Joel Ward has reason to celebrate after beating Anaheim goaltender Jonas Hiller in the first period. (Kelvin Kuo/Usa Today Sports)

While the Washington Capitals have struggled to find consistency in many aspects of their game this season, the power play is the exception to the rule. It’s the one aspect of their play that the Capitals can rely on every night, and Tuesday against the Anaheim Ducks, the man-advantage possessed surgical precision.

The Capitals recorded two power-play goals on their first three shots and 29 seconds of time on the man-advantage to fuel a 3-2 win over the Ducks at Honda Center in which the visitors were outshot 45-30.

It took a combination of those power play tallies — which included Alex Ovechkin’s league-leading 46th goal of the year for the game-winner — six successful penalty kills, and a superb showing by Jaroslav Halak, who finished with 43 saves in his sixth consecutive start, for Washington to ensure it would kick off this three-game road trip on a positive note.

“I thought our game was pretty solid,” Coach Adam Oates said. “I really did. I thought start to finish the guys didn’t really skip a beat. [The Ducks] had their moments of course but I felt like we were involved all night long.”

The victory also pushed Washington to 76 points — tied with the Columbus Blue Jackets, who reside in the final wild-card spot in the Eastern Conference despite having played two fewer games. Columbus owns the first tiebreaker as well, with 30 regulation and overtime wins to the Capitals’ 25.

The Post Sports Live crew discusses whether the Capitals can keep their playoff hopes alive through a tough road trip without Brooks Laich. (Post Sports Live/The Washington Post)

“It doesn’t matter who we’re playing right now, it’s do or die almost for us,” John Carlson said. “We need to put something together, this is nothing compared to what we need to do to get in. I think everyone knows that and is working hard.”

Washington has now won three straight and each victory boasted two common threads — a strong start, and the first goal. As has often been the case this season, the third line — easily the most consistent group five-on-five — set the tone early and helped create that initial thrust.

Working on a cycle during the third shift of the game, Jason Chimera fired two shots on goal. The first was blocked but the second required a pad stop by Ducks goaltender Jonas Hiller (27 saves) that left a rebound loose in the goal crease. Joel Ward, hovering unguarded just off the right post, snared the rebound and put the puck behind Hiller for a 1-0 lead just 2 minutes 11 seconds into the game — his 21st goal of the season.

The Capitals’ momentum-stifling trend of surrendering quick goals cropped up again, though, and Anaheim tied the game 59 seconds later when a botched line change led to a three-on-two rush and a goal by defenseman Ben Lovejoy.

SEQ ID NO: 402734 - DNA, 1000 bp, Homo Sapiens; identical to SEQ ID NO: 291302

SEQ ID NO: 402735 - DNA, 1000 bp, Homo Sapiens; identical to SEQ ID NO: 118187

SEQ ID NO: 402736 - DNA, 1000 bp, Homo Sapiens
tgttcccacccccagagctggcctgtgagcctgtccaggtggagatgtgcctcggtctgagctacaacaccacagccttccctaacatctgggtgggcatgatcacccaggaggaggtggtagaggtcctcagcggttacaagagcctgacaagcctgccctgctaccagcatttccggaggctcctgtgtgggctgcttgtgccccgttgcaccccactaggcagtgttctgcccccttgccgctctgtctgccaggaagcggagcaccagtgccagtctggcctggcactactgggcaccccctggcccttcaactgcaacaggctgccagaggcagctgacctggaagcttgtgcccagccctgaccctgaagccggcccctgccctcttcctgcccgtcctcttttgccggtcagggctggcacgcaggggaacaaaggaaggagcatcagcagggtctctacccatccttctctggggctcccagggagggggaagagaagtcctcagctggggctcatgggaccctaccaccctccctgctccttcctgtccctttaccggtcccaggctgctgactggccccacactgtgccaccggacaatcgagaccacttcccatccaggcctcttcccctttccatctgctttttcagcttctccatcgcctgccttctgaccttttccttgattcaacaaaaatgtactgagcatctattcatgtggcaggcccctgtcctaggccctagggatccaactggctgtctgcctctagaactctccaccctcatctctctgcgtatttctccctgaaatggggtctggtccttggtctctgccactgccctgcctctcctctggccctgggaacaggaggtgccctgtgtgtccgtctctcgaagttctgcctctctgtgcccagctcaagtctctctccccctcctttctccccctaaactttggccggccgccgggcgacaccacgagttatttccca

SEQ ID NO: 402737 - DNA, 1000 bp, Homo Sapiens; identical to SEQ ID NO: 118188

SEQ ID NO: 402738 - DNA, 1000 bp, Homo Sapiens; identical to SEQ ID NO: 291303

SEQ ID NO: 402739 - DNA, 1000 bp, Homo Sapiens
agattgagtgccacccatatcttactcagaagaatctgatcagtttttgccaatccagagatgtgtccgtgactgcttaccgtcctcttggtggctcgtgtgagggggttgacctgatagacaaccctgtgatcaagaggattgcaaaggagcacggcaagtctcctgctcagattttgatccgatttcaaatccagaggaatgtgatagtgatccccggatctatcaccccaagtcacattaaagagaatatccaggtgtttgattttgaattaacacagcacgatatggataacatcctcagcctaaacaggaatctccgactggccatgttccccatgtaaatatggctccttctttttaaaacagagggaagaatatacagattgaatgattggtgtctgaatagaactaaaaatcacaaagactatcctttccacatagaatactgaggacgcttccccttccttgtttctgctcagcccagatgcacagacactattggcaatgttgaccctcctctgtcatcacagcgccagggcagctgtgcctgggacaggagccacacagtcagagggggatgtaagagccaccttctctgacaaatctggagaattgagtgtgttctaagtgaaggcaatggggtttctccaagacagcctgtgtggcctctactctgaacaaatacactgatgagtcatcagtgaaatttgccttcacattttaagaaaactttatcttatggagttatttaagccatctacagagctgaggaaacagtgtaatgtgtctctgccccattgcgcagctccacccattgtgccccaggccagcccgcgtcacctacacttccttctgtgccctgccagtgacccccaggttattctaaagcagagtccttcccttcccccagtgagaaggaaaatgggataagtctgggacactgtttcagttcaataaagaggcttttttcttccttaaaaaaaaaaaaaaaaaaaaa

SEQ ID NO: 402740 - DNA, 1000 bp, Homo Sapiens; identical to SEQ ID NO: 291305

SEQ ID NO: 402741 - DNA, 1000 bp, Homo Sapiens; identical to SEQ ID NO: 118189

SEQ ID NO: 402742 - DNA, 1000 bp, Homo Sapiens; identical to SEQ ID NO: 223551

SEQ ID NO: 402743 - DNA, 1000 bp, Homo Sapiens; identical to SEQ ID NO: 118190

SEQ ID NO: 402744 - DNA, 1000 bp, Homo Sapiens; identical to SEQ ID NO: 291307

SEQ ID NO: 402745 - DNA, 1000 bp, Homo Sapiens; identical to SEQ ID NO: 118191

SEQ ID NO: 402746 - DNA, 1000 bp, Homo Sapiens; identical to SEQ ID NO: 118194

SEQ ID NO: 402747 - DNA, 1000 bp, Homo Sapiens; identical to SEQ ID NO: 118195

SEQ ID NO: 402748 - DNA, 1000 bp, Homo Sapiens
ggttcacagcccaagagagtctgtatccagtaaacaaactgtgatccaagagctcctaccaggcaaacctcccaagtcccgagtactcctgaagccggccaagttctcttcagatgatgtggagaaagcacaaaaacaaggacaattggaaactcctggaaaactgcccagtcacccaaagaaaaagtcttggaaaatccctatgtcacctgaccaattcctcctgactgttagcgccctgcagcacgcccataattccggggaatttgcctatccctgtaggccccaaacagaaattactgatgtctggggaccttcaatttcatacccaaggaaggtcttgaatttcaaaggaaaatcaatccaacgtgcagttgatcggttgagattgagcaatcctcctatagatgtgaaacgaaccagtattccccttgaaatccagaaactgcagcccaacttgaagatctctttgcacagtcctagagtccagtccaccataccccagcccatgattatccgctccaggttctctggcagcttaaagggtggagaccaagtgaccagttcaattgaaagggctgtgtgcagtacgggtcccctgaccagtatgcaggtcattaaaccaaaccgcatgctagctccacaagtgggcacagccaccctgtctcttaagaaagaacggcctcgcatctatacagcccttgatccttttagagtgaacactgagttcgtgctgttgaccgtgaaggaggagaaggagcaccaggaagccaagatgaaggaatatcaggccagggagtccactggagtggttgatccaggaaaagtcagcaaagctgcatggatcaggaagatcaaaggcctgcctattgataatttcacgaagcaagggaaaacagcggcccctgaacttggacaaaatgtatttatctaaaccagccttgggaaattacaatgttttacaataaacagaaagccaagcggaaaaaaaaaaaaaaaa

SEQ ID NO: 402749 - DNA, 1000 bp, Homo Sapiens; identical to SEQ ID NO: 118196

When Nicklas Backstrom drew an interference minor on Saku Koivu it gave the Capitals a power play with 30.1 seconds left before the first intermission — and they capitalized on it. The league’s second-best man-advantage unit went to work quickly as Troy Brouwer scored on a rebound to put Washington up 2-1 with just 9.2 seconds remaining in the first.

Washington opened the second period by being whistled for too many men on the ice, and then Brouwer cleared the puck over the glass, gifting the Ducks a five-one-three power play. But Anaheim has been largely ineffective on the power play this year, entering the game ranked 20th in the league (16.4 percent) and on a 1-for-28 skid in its previous eight games and wouldn’t find success against the Capitals.

“You never want to give up a 5-on-3 but I’m happy we were able to kill them,” Halak said. “It was a big period for us, big few kills we had there.”

The Ducks managed to put five shots on goal during the combined penalties — four on the two-man advantage — but Halak and Washington’s penalty killers, including Carlson, held their ground. The closest Anaheim came to a goal during that span was when captain Ryan Getzlaf clanged a shot off the right post. The Capitals went on to kill three more minor penalties before the contest came to a close.

“We shot today, we just didn’t pay the price in front of the net until the end,” Ducks Coach Bruce Boudreau said. “We had a lot of looks and we were shooting the puck, but we weren’t getting to any loose pucks.”

Former Capital Mathieu Perreault scored on a shot through traffic to pull the Ducks even at 2-2 just 92 seconds into the third period, but Washington didn’t need long to reclaim the lead.

Anahiem winger Matt Beleskey went off for slashing just more than a minute after they had tied the score, laying the framework for Ovechkin to do what he does best — fire a wicked one-timer from the left circle that is all but unstoppable — and push the Capitals on to their third straight victory.

“We know it’s huge game, we know that, we prepare for that,” Ovechkin said. “Power play is a key right now for probably every team, if you have that kind of opportunity you have to use it.”